10 questions to ask when hiring a remote front-end developer

With remote work, we need to analyze a potential candidate’s soft skills (such as communication and productivity) in addition to their technical prowess and industry knowledge.

Sure you may have the next Elon Musk on your coding team, but if they cannot communicate effectively with other remote members in the workspace, any benefits will be negated.

Below, I’ve outlined nine key questions that will help you determine whether a potential frontend coder will be a good fit for your company while working remotely.

The questions are split into two parts: the “general” section that looks at an applicant’s soft skills; and the “specialty” section that analyzes their industry knowledge.

These questions hold water with most types of front-end specialist developers, including full-stack, HTML5, CSS, custom app developers, and data migration specialists. 

Let’s start off with how to structure the interview because proper preparation is the key to success.

Structuring The Interview

Quickly, the first step is to make the candidate feel comfortable, so begin by telling them about yourself, asking about their day. 

Small talk often helps people adjust better to unfamiliar places. Most companies allot about 30 – 45 minutes for an interview, and it is usually formatted as under:

Introduction (The interview panelist/ panelists introduce themselves) 5 Minutes
General Proficiency Questions (To test subject Knowledge) 10 Minutes
Specialty Questions  (High-level questions/ Reasoning Questions) 15 Minutes
Recent Work History 10 Minutes
Candidate allowed to ask questions 5 Minutes

You can add or subtract time from each section as you see fit. 

The “specialty questions” time slot for developer jobs usually involves a coding challenge rather than theoretical bombardment.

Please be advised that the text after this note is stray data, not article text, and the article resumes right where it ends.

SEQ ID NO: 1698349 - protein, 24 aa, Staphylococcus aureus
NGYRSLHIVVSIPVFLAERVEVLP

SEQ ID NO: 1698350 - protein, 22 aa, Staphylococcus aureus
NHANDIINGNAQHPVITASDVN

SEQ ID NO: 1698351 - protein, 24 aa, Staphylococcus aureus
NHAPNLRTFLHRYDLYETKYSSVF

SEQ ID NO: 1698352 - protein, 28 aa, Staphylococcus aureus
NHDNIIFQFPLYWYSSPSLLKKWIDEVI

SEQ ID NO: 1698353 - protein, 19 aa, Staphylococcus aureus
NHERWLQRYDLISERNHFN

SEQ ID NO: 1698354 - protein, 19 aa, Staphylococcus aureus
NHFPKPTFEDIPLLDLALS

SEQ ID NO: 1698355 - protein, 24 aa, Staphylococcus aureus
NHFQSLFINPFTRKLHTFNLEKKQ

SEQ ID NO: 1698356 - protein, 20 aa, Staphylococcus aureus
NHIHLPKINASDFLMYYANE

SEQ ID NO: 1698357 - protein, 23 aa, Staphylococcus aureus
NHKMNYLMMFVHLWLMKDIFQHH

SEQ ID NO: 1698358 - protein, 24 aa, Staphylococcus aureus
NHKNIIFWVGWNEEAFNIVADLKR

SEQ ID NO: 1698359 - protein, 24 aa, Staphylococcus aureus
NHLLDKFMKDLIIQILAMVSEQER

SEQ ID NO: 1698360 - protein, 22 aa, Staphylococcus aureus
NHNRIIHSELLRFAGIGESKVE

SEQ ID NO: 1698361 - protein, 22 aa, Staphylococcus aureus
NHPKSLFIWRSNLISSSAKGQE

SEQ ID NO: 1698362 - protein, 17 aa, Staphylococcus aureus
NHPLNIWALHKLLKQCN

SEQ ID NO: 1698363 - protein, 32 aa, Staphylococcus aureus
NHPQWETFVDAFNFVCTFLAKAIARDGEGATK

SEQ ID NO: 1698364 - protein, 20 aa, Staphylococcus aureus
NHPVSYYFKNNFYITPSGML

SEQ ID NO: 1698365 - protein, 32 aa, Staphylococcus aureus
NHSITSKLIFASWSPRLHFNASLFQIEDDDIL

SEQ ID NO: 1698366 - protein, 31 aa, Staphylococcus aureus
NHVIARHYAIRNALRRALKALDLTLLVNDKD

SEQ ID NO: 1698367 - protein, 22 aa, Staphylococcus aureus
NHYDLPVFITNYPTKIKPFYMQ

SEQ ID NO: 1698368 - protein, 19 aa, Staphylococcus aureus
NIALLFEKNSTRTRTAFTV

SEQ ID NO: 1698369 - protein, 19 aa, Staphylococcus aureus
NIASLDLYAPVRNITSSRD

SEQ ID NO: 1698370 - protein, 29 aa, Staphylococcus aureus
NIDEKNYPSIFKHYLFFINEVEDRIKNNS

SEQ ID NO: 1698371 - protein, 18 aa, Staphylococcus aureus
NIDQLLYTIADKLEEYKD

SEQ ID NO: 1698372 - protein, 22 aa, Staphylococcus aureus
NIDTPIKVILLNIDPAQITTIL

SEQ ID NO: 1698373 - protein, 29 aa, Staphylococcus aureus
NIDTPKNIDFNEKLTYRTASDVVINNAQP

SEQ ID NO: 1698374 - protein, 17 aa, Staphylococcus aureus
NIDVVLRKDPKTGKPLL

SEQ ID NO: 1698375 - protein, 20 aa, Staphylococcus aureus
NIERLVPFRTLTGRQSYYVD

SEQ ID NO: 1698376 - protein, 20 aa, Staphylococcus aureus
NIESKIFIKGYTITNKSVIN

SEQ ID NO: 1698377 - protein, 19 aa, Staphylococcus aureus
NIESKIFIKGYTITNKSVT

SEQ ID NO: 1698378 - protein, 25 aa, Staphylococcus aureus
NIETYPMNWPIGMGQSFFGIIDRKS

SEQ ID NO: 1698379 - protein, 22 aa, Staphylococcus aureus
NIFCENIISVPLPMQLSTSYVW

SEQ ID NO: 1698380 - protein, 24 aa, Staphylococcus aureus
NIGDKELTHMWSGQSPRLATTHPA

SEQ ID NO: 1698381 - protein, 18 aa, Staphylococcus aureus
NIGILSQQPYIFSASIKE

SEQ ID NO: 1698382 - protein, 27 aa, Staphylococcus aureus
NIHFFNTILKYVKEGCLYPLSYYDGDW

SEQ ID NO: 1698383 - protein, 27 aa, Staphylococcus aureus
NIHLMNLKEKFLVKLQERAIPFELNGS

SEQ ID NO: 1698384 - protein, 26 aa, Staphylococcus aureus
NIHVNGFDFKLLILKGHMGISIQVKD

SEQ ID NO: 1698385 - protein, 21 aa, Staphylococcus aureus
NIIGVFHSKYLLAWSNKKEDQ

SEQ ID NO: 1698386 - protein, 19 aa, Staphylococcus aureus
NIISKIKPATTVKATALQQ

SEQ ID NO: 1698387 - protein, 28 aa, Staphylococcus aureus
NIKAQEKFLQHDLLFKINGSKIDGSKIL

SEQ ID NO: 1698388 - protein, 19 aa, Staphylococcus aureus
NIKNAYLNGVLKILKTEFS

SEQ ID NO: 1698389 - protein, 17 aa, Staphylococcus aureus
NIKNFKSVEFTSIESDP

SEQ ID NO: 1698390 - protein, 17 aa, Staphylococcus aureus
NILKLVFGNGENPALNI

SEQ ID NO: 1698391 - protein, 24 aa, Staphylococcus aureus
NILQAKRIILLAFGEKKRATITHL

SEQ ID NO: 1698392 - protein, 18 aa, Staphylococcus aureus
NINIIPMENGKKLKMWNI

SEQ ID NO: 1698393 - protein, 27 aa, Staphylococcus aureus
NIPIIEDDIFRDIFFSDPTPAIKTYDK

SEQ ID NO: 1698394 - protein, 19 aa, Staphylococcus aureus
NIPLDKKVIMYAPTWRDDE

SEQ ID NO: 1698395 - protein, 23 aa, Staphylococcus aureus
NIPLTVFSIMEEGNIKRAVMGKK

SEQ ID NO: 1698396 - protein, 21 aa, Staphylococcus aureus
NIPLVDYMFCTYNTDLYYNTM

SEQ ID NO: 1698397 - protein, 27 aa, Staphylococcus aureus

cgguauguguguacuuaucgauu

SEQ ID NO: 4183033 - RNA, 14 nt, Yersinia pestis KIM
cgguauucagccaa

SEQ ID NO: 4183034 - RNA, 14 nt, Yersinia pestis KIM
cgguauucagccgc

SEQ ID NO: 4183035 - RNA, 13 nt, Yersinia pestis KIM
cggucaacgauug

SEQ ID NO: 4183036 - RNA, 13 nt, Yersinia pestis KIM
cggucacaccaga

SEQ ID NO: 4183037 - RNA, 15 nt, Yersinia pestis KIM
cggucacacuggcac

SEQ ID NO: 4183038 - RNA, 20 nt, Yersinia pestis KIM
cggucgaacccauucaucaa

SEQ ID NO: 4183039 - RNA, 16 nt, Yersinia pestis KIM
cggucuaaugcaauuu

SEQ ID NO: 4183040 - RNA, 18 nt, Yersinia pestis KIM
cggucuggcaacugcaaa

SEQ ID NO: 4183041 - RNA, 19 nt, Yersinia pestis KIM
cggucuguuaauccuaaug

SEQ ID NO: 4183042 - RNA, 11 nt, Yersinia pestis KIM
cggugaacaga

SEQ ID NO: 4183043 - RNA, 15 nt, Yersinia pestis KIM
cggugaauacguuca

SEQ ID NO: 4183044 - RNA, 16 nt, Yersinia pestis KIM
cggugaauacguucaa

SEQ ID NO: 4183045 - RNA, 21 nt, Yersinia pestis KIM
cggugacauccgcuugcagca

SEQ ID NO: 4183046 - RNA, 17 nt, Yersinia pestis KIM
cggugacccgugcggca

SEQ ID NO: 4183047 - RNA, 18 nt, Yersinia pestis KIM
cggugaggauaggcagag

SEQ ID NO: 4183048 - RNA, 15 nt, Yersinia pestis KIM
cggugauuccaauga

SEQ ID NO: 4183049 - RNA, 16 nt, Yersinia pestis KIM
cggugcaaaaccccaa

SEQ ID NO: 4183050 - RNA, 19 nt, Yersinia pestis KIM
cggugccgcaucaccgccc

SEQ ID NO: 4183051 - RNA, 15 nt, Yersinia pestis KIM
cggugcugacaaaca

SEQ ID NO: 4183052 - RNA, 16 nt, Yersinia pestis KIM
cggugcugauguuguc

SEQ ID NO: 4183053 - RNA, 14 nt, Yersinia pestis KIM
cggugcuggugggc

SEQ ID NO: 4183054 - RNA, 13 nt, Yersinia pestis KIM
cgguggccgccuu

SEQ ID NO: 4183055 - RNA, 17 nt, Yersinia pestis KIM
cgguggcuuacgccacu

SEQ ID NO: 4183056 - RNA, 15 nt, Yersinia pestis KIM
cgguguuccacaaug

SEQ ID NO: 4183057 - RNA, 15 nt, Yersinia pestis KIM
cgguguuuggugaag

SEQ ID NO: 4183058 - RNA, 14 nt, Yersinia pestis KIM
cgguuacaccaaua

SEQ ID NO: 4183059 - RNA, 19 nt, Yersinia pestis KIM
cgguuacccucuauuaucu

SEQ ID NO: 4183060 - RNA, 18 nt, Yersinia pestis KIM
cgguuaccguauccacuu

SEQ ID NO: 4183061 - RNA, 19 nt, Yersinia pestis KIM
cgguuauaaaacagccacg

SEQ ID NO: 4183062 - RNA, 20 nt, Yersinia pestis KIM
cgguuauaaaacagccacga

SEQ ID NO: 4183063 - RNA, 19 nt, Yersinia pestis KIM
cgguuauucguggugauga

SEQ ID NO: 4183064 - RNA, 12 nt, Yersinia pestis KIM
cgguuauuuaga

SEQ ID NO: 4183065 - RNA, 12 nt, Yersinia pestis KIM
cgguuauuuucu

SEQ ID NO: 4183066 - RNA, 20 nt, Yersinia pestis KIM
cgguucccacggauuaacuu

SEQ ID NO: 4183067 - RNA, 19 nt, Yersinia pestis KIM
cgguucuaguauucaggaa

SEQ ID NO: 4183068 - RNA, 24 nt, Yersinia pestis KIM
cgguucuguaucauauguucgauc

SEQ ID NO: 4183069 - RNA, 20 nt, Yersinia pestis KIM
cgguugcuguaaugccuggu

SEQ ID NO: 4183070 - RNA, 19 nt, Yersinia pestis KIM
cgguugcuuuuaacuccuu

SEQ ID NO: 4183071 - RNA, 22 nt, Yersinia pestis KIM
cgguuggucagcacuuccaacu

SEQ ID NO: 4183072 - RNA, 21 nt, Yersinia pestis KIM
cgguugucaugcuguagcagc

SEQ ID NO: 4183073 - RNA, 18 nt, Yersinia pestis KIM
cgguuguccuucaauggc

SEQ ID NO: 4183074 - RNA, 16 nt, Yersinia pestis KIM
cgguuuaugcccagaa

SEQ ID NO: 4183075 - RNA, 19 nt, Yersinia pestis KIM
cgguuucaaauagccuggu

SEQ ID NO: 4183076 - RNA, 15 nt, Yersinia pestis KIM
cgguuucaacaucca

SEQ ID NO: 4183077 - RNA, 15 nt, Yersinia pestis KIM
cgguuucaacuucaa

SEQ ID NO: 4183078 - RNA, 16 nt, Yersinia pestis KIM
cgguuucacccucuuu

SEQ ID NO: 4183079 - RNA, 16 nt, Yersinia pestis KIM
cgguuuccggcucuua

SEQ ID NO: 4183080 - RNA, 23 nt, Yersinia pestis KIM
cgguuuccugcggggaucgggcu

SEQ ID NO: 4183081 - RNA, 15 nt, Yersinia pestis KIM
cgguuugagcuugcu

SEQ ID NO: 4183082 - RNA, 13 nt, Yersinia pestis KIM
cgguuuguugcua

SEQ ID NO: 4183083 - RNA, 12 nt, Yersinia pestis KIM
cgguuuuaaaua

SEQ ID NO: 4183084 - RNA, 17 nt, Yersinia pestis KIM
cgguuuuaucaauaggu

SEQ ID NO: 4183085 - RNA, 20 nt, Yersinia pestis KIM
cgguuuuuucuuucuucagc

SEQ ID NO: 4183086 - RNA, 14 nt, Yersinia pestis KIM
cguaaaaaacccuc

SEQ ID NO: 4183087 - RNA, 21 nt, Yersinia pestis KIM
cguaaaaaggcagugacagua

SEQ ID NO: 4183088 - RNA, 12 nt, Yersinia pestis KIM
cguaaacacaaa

10 Interview Questions You Cannot Skip When Hiring A Frontend Developer

General Proficiency Questions

Designed to gauge how an applicant handles their day-to-day tasks when working remotely.

  1. What can you do?

Any potential candidate for even junior level frontend jobs should have at least a working knowledge of all of the following:

  • CSS
  • HTML
  • JavaScript 
  • JQuery
  • Knowledge about cross-browser, multi-platform testing.

Those are the base “need to have” skills, but here are a few “good to have” skills as well:

  • Experience with CMS (Content Management Systems) like Joomla, WordPress, or Drupal
  • Experience or working knowledge of PHP
  • Knowledge of OOPS
  • Knowledge of SEO
  • Knowledge about how UI and UX are interrelated

I’d say that if an applicant can tick the five “base” skills and at least two of the “good to have” skills, they can be considered a strong candidate for the job.

  • What tools do you use to stay productive and manage your projects?

With in-person developers, you can monitor how your team is performing in real-time, and they can also collaborate with each other in real-time too.

With remote frontend developers, the story is a little different. They need to be up to scratch on their time management skills because there is no one to keep them on track for deliverables.

A good answer will mention::

  • Timer Apps / Reminder Apps (Toggl, Harvest, Clockify)
  • Project Management Software (Monday, Asana, Trello)
  • Code Testing/ Auto-Testing Add-ons (Mocha, Jasmine, Jenkins)
  • Integrated Development Environment tools (NetBeans, Brackets, Atom)

In addition, they may describe their workflows to you. 

A disciplined candidate will work either in short, timed bursts of productivity or in one extended sitting. 

  • How do you plan to grow your skills?

Much like most modern websites, a good developer should be dynamic, not static (pardon the pun). 

Although there is no right answer to this question, a good answer will be something along the lines of:

  • Following regularly updated development blogs
  • Staying abreast of new updates to the libraries that they use on a regular basis
  • Pursuing professional development courses in the future
  • Planning for higher education

Specialty Questions

Designed to test the working knowledge of possible front-end developers for your project. These questions are not too difficult but do require a decent depth of knowledge on the applicant’s part.

  • When and where would you make use of the CSS Float archetype?

CSS float is used when you want to move an element to the left or right side of the webpage, and you need other elements on the page to wrap around it.

A good answer will contain: